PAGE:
Global Policy Forum

AFGHANISTAN: Farmers’ dilemma - wheat, fruit or saffron?






May 20, 2010


KABUL - Pointing to his flourishing wheat field in the western Afghan province of Herat, Abdullah says he regrets cultivating the crop.

"Wheat is very cheap," he told IRIN, adding that he would hardly make 50,000 Afghanis (about US$1,050) from his two hectares. "I won't be able to feed my family properly with this income."

Several farmers contacted by IRIN in Helmand, Kandahar and Balkh provinces had similar sentiments.

Wheat is considered a strategic crop and a staple food, but imports are always required, even when there is a bumper harvest.

About seven million (over 24 percent of the country's estimated 27 million population) are food-insecure and many others are highly vulnerable to food price fluctuations, according to aid agencies.

MAIL distributes certified wheat seeds to encourage cultivation in rain-fed areas where other crops cannot be cultivated, but in irrigated areas it is not pushing wheat.

"We don't encourage farmers to grow wheat because it's not a lucrative crop," Majeed Qarar, spokesman of the Ministry of Agriculture, Irrigation and Livestock (MAIL), told IRIN. "We encourage them to produce fruit and saffron instead."

A farmer can earn $500-600 per hectare of wheat but the same land area can yield $25,000 if saffron is cultivated, $16,000 for pomegranates and $13,000 for almonds, MAIL officials said.


However, not all wheat-growers can easily switch from wheat to more lucrative crops: Only about a third of farmland in Afghanistan is irrigated. The rest is only suitable for rain-fed wheat cultivation, experts say.

Of the 5,064 tons of wheat produced nationwide last year 1,677 was from rain-fed fields, MAIL says.

For high-profit fruit and saffron production farmers need to invest in irrigation systems, use more labour and seek processing and marketing opportunities for their products.

"Our fruits are well-known for their high quality in international markets and the government is striving to facilitate better and wider export opportunities," said MAIL's Qarar, adding that the country could become a major exporter of fresh and dry fruit, but not a big wheat exporter.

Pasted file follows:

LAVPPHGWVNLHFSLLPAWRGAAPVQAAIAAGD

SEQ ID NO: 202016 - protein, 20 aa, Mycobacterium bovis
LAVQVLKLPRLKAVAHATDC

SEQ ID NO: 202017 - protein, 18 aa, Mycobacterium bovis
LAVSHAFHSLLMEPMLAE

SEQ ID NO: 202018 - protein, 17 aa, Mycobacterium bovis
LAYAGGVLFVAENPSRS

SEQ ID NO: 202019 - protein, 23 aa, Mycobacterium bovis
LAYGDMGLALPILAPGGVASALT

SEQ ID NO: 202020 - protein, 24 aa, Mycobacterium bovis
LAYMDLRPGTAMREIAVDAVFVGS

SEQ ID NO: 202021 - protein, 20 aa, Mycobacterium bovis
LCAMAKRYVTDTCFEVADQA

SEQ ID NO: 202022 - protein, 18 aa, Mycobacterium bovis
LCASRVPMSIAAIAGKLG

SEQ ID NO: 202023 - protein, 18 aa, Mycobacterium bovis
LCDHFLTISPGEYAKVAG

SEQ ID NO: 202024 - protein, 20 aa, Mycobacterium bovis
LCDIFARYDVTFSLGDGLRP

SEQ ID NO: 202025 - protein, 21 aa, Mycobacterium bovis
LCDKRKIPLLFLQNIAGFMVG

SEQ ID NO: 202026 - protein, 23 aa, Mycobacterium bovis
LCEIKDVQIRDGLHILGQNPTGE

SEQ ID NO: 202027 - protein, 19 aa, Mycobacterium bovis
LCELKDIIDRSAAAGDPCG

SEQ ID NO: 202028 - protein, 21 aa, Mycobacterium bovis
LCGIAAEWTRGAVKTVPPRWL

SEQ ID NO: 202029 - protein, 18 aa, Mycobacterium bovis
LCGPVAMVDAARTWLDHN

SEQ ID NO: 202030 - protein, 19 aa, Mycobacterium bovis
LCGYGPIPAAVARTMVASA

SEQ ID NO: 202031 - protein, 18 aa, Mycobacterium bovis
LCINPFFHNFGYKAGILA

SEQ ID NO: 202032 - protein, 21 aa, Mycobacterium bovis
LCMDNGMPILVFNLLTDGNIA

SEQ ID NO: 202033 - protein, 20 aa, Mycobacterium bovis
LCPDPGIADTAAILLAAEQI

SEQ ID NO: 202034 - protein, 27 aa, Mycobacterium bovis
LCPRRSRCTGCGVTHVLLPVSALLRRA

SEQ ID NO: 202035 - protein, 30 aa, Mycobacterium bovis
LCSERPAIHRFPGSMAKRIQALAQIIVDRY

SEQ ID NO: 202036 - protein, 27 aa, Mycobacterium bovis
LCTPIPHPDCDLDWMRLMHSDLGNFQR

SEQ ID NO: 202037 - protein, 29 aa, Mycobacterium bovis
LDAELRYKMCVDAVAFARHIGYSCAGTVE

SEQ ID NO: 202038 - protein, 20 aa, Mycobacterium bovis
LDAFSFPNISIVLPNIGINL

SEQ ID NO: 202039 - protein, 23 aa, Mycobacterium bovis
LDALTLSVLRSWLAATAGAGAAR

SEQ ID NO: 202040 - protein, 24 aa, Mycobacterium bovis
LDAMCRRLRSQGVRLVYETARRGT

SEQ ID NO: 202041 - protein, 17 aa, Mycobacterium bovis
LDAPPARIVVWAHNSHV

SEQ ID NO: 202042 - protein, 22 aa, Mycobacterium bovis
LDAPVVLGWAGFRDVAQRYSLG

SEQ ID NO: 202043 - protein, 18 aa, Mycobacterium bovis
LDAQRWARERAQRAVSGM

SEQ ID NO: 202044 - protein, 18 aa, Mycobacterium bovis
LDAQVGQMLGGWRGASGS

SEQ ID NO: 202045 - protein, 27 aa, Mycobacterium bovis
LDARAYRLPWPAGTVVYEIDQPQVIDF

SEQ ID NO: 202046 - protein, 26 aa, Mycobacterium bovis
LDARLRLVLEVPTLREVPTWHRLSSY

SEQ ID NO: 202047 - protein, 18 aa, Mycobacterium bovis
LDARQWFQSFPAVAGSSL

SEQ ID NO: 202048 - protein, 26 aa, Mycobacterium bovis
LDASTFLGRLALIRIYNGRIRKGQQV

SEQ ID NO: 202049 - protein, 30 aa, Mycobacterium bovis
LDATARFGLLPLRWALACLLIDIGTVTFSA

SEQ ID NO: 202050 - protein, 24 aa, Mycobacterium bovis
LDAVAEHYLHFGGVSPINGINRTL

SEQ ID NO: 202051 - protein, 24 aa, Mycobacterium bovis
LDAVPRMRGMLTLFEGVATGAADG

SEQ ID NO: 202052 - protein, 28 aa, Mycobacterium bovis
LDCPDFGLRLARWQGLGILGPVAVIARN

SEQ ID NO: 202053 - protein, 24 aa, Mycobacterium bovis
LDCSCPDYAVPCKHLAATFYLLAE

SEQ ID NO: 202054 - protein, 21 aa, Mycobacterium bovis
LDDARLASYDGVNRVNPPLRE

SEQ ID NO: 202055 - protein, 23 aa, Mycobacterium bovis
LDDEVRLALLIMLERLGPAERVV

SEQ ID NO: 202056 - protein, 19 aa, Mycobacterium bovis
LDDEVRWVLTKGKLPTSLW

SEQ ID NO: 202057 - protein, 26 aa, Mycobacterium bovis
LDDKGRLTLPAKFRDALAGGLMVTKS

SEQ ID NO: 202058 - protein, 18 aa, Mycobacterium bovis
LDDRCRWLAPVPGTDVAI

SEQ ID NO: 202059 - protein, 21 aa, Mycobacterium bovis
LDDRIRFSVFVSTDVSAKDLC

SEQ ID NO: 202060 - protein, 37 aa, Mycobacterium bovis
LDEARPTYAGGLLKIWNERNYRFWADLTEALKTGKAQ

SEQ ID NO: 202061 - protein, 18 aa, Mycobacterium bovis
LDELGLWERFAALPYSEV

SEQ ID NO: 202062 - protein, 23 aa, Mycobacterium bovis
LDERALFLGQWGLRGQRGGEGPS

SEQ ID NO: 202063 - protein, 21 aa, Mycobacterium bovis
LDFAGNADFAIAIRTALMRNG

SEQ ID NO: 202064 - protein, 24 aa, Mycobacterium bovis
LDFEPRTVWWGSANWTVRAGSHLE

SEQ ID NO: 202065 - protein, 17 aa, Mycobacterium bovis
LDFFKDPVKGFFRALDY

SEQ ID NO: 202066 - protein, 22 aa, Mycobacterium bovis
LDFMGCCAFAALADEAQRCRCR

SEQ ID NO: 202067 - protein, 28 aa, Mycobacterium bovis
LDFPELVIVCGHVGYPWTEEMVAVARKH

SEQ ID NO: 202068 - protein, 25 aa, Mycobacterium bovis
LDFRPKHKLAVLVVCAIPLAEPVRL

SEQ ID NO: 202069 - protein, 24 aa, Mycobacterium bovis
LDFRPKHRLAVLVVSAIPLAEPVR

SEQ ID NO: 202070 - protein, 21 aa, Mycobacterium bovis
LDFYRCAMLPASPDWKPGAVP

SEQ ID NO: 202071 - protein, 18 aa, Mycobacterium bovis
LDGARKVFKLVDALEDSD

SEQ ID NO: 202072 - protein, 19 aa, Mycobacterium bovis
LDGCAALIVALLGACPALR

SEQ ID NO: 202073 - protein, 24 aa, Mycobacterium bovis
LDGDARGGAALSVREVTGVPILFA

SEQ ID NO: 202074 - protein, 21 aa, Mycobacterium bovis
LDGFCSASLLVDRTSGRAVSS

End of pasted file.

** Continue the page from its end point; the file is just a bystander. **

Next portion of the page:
Donors such as the US Agency for International Development have been encouraged by MAIL to fund fruit growing and exporting projects as the country tries to enter regional and international markets.

Humanitarian wheat procurement

Aid agency operations can seriously affect wheat farmers: They can help them by purchasing their grain, or they can drive down local prices by importing huge quantities from abroad. The International Committee of the Red Cross (ICRC) says it procured food aid items mostly from abroad in order to avoid distorting local markets.

Afghanistan is largely a food-deficit country and millions of its people have been recipients of food aid from the UN World Food Programme (WFP), other aid agencies, and the ICRC for many years.

To respond to the needs of Afghans affected by drought, conflict and high food prices WFP distributed over 212,000 tons of wheat in 2009 - almost all of which was imported and dispatched to the different provinces along insecure routes.

In a bid to help vulnerable farmers MAIL bought 100,000 tons of wheat from provinces with a surplus in 2009, and called on WFP to follow suit.

WFP initially agreed to procure 20,000 tons from Afghan farmers but could not do so because the prices quoted by local vendors were considerably higher than international prices, Challiss McDonough, WFP's spokeswoman in Kabul, told IRIN.

However, WFP is still keen to buy local wheat through a five-year programme called "Purchase for Progress".

"In 2010 WFP plans to procure 10,000 tons of wheat directly from farmers' organizations," said McDonough, adding that other products such as fortified biscuits could also be considered for local procurement provided quality and pricing standards were met.

In March WFP purchased wheat from Kazakhstan at a cost of $255 per ton including transportation (about 25 US cents per kg), while in the same month prices were 24-34 US cents per kg in Afghanistan.



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